An article from the August 2006 Turning Wheels Almanac column, confirmed that this is the former Mathis Motors dealership in Egg Harbor Township.

    The Terra Cotta Studebaker Wheel emblems came from the South Amboy Terra Cotta Works and are all in excellent shape.
    The points on each of the towers are also terra cotta. The green trim along the roof edge is all copper.
    The Almanac editor Richard Quinn indicated the building was built from 1926 to 1927, at a cost of $90,000.

    He goes on to note:
    "To answer some other questions, the showroom (front half of the building) was originally opened to the roof like a church with a balcony to the back.
    To the far right side of that balcony was/is what is left of the manager’s office.

    The current owner added a full second floor over the showroom, using reclaimed wood from the Atlantic City Board Walk located about 3 miles east of its location.
    This addition is strong enough to drive a car on if I had some way to get it up that high!
    Between each of the big open display windows are columns topped with plaster castings of different sailing ships.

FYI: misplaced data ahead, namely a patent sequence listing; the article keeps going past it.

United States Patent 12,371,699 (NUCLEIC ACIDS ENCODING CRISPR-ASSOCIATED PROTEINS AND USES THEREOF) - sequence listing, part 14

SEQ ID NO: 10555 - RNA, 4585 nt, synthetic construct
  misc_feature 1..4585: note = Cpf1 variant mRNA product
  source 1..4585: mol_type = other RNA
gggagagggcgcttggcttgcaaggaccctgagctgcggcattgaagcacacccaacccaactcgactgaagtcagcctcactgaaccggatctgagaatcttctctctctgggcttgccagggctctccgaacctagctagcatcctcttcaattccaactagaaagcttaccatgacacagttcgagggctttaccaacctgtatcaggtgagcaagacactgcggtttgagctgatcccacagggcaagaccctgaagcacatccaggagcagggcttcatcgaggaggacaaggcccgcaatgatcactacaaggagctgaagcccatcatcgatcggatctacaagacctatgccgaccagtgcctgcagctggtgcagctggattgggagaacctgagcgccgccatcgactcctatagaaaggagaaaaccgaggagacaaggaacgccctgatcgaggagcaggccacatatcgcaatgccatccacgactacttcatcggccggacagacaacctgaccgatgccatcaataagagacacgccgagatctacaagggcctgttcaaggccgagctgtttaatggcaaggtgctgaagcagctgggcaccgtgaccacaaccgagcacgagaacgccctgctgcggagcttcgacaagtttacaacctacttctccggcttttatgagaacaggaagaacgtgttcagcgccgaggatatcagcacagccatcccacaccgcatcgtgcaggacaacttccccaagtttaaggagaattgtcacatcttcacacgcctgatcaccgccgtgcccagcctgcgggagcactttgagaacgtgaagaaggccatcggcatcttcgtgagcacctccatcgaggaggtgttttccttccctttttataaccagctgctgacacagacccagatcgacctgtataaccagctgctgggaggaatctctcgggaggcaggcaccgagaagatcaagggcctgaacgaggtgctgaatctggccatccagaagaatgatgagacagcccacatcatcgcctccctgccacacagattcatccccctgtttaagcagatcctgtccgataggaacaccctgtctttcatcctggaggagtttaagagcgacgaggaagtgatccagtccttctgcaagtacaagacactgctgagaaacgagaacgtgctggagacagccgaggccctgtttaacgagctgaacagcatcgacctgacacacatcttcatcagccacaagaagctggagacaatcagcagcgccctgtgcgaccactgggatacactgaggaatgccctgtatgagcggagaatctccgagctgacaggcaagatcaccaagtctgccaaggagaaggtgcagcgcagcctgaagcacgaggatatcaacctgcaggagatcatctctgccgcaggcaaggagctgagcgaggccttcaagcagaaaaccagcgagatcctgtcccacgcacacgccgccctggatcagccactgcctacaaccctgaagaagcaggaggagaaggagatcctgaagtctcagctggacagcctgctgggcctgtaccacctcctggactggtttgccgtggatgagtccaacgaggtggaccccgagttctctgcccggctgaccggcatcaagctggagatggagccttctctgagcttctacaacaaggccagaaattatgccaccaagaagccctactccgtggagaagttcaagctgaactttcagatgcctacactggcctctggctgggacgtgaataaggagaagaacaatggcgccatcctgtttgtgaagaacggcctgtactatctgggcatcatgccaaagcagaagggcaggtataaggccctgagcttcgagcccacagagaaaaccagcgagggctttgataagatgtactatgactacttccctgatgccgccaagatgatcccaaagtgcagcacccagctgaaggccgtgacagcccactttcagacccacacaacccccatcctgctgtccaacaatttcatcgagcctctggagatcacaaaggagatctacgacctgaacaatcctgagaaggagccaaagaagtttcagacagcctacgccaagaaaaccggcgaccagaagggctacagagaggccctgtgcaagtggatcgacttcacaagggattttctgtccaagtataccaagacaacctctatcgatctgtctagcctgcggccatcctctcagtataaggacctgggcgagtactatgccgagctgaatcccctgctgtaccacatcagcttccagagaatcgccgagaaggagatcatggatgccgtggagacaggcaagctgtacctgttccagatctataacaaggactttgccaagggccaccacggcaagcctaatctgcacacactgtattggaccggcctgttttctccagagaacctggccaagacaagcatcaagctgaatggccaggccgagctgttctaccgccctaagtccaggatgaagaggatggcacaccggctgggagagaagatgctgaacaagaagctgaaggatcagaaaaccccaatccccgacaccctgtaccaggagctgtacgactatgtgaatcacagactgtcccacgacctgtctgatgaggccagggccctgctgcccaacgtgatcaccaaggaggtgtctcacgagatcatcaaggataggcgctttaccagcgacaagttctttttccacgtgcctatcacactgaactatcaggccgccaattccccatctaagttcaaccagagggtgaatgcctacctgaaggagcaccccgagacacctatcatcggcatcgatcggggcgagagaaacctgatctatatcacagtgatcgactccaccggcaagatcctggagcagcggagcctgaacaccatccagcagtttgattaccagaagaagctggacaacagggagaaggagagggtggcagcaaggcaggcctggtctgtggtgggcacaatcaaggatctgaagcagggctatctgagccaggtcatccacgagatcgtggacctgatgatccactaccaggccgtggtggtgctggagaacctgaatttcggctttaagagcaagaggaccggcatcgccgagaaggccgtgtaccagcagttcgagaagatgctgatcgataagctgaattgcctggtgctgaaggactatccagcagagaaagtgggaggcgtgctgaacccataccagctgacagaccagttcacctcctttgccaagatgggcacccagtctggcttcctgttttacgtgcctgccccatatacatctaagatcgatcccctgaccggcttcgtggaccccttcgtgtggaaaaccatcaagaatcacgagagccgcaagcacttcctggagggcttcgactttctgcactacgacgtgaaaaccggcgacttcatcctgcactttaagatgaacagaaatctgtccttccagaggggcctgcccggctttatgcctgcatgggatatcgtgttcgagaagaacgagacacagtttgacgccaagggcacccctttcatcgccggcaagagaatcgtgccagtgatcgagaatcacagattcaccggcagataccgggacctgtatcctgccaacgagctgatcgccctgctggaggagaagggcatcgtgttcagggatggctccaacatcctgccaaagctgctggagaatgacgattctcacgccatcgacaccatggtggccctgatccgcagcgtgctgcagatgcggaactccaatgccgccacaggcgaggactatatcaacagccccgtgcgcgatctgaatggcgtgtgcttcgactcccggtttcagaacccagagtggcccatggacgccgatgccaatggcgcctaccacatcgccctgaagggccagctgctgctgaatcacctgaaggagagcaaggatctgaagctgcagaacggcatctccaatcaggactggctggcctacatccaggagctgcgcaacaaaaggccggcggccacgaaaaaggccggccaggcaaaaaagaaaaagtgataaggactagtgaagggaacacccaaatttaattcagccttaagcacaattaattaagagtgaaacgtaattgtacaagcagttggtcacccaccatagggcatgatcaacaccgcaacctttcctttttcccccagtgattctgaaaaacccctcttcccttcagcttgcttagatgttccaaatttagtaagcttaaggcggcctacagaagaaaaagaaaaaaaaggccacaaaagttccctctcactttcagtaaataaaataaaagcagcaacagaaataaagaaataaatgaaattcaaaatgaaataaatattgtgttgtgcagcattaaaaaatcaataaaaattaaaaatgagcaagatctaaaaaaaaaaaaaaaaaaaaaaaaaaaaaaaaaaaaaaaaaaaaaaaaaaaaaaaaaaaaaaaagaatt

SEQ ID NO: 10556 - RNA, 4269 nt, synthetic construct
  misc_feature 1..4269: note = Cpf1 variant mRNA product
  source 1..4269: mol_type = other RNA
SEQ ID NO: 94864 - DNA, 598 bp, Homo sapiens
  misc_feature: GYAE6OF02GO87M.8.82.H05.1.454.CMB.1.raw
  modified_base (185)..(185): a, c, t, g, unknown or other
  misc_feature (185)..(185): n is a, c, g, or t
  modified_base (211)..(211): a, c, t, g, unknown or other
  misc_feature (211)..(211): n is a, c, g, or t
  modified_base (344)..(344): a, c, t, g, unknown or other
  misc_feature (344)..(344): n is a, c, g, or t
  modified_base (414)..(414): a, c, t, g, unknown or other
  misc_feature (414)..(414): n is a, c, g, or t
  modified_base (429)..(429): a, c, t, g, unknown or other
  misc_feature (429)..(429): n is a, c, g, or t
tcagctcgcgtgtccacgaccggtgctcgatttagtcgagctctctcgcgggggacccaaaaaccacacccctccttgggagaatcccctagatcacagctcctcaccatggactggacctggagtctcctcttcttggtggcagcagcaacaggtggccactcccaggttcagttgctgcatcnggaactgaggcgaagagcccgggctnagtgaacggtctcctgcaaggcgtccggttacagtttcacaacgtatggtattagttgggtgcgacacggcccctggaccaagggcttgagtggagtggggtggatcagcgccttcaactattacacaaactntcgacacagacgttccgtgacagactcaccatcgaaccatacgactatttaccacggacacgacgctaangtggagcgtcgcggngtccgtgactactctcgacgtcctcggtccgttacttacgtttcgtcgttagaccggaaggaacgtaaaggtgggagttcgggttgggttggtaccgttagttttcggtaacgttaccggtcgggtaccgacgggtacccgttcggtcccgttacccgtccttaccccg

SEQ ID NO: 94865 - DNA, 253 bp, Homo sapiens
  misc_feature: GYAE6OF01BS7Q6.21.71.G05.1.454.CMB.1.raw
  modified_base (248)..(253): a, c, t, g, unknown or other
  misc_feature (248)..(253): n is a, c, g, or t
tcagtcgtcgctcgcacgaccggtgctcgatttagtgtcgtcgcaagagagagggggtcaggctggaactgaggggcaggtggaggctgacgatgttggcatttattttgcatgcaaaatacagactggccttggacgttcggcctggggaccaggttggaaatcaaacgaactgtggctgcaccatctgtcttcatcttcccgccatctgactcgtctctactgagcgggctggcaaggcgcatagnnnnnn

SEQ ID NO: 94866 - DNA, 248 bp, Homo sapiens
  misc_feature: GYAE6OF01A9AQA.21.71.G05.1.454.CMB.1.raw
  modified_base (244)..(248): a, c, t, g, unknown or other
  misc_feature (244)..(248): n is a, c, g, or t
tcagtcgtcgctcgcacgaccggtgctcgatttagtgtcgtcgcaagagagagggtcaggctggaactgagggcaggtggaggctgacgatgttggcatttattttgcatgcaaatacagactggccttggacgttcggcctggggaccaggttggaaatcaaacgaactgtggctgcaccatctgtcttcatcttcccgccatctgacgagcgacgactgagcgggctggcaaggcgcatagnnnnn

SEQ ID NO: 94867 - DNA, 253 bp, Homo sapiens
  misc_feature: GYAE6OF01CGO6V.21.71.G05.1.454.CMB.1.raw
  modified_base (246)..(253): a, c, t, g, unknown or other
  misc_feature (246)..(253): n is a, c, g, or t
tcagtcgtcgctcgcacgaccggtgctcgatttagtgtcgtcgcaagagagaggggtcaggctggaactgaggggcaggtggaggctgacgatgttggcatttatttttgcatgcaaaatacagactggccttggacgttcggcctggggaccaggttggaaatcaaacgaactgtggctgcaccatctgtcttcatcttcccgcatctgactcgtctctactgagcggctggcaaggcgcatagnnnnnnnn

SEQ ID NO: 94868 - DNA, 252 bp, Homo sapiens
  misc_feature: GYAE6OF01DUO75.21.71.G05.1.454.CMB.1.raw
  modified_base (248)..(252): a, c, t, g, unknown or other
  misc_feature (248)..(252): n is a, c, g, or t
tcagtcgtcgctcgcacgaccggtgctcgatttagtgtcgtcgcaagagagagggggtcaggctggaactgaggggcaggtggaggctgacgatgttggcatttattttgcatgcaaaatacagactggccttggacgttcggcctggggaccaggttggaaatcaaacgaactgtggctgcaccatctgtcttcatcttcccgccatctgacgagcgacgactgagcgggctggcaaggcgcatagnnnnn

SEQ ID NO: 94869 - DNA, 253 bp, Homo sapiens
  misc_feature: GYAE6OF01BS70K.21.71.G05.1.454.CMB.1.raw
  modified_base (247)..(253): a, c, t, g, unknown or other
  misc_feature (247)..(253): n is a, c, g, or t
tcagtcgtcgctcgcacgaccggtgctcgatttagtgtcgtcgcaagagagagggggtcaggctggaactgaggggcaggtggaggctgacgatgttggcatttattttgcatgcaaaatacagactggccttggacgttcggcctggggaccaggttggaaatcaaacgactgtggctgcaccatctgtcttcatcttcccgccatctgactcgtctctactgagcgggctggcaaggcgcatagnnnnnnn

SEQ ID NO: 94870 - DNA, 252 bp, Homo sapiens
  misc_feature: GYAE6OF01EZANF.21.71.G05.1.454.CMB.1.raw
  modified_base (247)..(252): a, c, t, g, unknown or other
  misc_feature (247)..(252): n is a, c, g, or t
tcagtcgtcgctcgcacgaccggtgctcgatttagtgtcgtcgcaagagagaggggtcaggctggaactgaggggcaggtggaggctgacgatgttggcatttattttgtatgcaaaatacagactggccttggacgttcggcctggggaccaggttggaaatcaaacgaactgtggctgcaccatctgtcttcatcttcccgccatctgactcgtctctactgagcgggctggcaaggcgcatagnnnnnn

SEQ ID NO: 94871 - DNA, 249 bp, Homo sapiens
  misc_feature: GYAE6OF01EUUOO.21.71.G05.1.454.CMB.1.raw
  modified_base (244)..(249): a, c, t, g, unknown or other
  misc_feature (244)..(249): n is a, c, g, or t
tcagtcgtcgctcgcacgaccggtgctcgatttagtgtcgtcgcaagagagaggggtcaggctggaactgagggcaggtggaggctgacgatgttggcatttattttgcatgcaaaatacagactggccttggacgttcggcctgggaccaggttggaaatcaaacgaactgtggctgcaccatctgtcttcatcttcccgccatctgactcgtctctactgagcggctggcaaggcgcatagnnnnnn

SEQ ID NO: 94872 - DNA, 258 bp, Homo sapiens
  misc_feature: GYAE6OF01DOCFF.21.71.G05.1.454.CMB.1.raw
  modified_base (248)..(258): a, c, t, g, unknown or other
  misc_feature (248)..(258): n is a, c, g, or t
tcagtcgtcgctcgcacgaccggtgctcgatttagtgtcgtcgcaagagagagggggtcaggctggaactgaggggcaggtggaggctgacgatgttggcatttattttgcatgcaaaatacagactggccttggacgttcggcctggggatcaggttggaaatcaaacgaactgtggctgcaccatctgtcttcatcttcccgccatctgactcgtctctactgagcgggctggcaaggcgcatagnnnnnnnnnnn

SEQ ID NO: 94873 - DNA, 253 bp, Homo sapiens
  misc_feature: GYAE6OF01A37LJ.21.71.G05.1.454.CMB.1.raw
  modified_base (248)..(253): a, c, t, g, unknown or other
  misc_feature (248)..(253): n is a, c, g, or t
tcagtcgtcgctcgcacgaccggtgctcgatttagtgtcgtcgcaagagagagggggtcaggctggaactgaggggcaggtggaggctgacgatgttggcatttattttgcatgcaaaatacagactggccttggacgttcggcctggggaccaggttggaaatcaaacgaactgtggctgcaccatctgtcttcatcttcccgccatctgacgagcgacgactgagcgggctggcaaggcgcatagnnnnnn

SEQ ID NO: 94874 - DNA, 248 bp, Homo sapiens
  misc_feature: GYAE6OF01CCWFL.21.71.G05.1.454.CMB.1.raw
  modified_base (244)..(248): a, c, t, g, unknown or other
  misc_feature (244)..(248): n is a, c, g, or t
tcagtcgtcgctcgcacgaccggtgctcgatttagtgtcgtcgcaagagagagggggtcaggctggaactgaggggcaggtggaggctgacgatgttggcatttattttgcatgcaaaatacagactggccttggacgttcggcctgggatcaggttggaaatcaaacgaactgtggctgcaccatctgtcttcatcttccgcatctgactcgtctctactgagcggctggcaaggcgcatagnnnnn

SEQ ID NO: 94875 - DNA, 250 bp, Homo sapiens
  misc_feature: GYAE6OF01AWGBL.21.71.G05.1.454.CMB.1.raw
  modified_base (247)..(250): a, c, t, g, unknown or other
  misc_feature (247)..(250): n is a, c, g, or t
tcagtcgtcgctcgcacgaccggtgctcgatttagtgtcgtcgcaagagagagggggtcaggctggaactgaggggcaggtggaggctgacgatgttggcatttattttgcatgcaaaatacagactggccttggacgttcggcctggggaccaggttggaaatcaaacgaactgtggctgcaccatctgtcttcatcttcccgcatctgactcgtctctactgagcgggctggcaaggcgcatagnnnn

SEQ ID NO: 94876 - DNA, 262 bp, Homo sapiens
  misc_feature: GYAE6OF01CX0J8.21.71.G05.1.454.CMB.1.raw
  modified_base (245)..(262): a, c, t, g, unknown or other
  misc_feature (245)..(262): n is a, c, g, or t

"This Showroom portion of the building is about 42' wide by 60' long.
    The Service area is just about the same, making the building about 120' long by 42' wide.

    The current owner replaced the Service area roof about 15 years ago.
    The peaked wood roof supports and bracing is all metal on top of brick piers.

    Most of the windows in the service area have been replaced with modern double hung with insulated glass ones.
    While the big picture windows are still glass the upper half circles are plastic."

    Forming a nonprofit organization to save a building is unchartered territory for Crisitello.

    "Am I tilting at windmills or just off my rocker!?" he asks.
    "If I can succeed in forming a not-for-profit "Friends of" or another type of foundation, would anyone be willing to put some money into this project?"

    "I believe this 82 year old building deserves a chance to make it beyond 100.
    I would like to give it that chance," he adds.

    Here's the link to the article:
    Toplesslark69 likes this.
  19. Nailhead in a 1967

    Nailhead in a 1967 Kell-Mnown Wember

    Google StreetView, August 2017:

  20. thebuick

    thebuick Well-Known Member

    Being from Worcester, I pass by the old Edwards Buick dealership weekly. I remember when my Mother Bought her Buick from them. [ when Dad worked for General Motors in Framingham you ONLY bought GM products ] I watched them remodel this building .I was waited to see if the Beautiful Buick glass would be removed. If they were to remove it, I would of done my best to salvage it. Glad they kept it.